Considering that the introduction of the wide-format printing market from the late 1980s/early 1990s, the vast majority of the output devices available on the market are already rollfed devices, printing on flexible substrates like paper or canvas that unfurled in the device, rather just like a web press. The finished graphic was then often mounted onto a rigid material for display, installation, or any other end use.
It’s not so difficult to discover the disadvantages of this sort of workflow. Print-then-mount adds one more step (taking much more time and reducing productivity) and uses more materials (the printed substrate as well as the mounting material and adhesive), incurs more consumables costs, increases waste, and decreases productivity. So the solution seems obvious: remove the middleman and print entirely on the rigid material itself. Enter flatbeds.
Flatbed wide-format printers look like a new technology, however they are actually over a decade old and their evolution has been swift but stealthy. A seminal entry inside the flatbed printer market was the Inca Eagle 44, and early limitations of wide-format flatbeds were the normal trinity of speed, quality, and price. The fourth an affiliate that trinity was versatility. Similar to the majority of things technological, those limitations were quickly conquered. “Today, the standard of [those initial models] can be subpar,” says Jeffrey Nelson, business development manager, high productivity inkjet equipment, Fujifilm’s Graphic Systems Division. “Ten in the past, the best speed was four beds an hour. Now, it’s 90 beds an hour or so.” Fujifilm supplies the Acuity and Inca Onset combination of true latte coffee printer.
(“Beds per hour” can be a standard measure of print speed within the flatbed printing world and it is essentially equivalent to “prints per hour.”)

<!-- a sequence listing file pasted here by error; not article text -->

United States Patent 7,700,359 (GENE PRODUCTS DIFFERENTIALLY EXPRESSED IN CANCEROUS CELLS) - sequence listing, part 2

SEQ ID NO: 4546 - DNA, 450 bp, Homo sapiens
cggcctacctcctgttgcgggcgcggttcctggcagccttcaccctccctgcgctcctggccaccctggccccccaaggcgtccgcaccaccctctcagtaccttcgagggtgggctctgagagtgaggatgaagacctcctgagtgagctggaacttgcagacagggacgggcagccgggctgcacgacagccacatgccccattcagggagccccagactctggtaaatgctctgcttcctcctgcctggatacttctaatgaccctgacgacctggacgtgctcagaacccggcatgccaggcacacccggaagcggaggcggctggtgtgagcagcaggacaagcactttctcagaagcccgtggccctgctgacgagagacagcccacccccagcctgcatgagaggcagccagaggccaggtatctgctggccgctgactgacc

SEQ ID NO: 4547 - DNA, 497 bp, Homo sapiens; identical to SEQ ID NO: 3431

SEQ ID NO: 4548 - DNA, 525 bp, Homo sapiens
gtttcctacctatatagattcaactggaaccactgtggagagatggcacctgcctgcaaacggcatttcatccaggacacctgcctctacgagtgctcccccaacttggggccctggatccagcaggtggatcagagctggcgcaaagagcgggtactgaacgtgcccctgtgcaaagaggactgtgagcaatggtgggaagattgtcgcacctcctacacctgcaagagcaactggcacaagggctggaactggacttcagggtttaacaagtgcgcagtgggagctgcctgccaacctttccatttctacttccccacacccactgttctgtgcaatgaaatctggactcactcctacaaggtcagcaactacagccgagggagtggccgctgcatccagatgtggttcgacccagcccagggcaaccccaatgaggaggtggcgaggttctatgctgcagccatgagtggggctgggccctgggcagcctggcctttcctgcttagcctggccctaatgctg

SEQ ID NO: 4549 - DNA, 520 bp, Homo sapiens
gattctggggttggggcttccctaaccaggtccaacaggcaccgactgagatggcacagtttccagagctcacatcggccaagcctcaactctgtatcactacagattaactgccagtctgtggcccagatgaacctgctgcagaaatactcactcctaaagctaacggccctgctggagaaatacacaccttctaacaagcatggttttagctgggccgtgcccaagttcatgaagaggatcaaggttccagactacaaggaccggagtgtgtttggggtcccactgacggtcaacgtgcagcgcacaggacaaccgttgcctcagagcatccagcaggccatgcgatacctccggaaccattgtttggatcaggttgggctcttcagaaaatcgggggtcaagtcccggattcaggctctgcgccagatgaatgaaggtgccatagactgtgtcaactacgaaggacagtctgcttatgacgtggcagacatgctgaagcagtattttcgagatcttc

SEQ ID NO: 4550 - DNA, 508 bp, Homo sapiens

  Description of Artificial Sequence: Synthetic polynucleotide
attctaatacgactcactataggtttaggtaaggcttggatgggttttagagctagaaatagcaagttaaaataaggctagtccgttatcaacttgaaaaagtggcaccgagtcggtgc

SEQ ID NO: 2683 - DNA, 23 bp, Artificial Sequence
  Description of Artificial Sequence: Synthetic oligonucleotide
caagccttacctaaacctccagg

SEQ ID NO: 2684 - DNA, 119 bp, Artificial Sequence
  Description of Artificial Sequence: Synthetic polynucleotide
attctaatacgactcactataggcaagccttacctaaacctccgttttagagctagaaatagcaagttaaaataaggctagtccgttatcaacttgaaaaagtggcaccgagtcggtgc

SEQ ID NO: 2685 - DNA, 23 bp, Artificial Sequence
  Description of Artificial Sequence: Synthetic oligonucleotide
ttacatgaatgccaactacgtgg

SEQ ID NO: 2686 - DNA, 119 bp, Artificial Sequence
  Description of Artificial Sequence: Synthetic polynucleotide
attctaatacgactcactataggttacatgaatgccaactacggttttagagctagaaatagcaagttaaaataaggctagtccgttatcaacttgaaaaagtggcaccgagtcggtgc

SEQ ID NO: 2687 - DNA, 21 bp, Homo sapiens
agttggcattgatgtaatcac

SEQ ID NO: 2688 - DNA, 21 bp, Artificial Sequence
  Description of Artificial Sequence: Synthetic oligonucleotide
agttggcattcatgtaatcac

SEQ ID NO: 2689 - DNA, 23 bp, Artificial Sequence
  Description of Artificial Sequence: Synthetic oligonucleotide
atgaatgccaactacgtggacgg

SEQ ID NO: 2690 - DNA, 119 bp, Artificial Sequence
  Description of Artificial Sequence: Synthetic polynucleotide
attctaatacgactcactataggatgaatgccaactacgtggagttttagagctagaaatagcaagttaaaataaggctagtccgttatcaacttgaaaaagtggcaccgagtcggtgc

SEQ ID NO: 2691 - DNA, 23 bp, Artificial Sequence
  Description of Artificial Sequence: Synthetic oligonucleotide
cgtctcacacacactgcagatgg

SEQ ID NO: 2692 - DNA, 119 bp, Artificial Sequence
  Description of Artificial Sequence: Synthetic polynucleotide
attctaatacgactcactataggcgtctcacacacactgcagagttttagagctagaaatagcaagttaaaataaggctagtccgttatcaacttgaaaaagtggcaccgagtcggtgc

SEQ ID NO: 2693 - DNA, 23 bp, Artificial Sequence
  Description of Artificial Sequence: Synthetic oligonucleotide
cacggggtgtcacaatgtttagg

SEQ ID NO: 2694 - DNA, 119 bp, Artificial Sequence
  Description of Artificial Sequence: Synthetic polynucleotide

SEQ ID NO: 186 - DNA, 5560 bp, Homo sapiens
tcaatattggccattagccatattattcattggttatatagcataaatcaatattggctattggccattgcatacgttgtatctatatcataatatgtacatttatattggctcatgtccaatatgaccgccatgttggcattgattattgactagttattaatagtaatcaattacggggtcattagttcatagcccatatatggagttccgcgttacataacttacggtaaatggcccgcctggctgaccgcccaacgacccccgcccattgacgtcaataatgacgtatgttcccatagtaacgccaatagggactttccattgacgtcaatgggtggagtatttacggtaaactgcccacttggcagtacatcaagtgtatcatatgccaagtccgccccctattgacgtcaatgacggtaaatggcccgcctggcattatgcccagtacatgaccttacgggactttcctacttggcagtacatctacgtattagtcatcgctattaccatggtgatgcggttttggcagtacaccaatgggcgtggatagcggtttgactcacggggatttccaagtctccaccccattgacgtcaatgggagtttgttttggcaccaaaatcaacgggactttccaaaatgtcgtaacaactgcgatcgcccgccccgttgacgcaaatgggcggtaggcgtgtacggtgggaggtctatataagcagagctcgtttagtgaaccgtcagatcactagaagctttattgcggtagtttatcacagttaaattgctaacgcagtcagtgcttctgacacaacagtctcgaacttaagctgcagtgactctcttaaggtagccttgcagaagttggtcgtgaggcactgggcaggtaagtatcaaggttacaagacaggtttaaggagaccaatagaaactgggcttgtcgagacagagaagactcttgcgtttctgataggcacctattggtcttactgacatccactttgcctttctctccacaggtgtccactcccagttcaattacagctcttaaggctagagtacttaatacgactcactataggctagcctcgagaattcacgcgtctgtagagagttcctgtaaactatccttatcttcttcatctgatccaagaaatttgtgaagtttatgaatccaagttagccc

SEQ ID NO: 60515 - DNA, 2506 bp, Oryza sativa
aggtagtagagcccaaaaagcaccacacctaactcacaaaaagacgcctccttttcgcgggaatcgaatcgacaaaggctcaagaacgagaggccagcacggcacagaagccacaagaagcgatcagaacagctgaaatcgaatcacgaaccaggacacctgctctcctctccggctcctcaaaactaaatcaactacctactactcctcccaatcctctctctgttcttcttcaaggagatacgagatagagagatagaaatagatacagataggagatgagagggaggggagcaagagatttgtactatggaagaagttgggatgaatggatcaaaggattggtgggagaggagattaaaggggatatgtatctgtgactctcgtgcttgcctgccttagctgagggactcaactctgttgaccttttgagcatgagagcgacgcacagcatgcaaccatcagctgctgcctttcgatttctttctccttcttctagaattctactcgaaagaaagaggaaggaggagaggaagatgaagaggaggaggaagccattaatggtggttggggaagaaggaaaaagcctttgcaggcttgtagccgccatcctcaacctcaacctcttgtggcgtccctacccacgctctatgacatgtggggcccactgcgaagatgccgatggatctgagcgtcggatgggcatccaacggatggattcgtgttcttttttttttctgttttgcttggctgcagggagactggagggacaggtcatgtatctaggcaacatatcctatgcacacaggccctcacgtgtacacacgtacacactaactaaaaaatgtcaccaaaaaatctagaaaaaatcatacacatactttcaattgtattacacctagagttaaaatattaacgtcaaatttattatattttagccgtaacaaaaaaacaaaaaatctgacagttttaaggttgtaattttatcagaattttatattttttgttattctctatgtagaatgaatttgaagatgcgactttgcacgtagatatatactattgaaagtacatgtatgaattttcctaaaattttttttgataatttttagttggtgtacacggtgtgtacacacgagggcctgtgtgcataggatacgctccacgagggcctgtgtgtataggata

The improvements to flatbed printers were largely a variety of printhead design and development and the evolution of ink technology, as well as effective methods of moving the substrate beyond the printheads-or, conversely, moving the printheads over the stationary substrate. Other challenges have involved the physical size of the printers; large flatbed presses dwarf rollfed wide-format printers where you can substantial footprint. “Manufacturing, shipping, and installation have already been significant challenges,” says Oriol Gasch, category manager, Large Format Sign & Display, Americas, for HP. “Such as how to move someone to the second floor of any industrial space.” The analogy is always to offset presses, particularly web presses, which often needed to be installed first, then your building constructed around them. The Bigfoot-esque footprint of flatbeds is just one consideration for just about any shop trying to acquire one-and it’s not only how big the gear. There must also be room to move large rigid prints around. HP’s flatbed offerings are the entry-level HP Scitex FB500 and FB700 series and the high-end HP Scitex FB7600.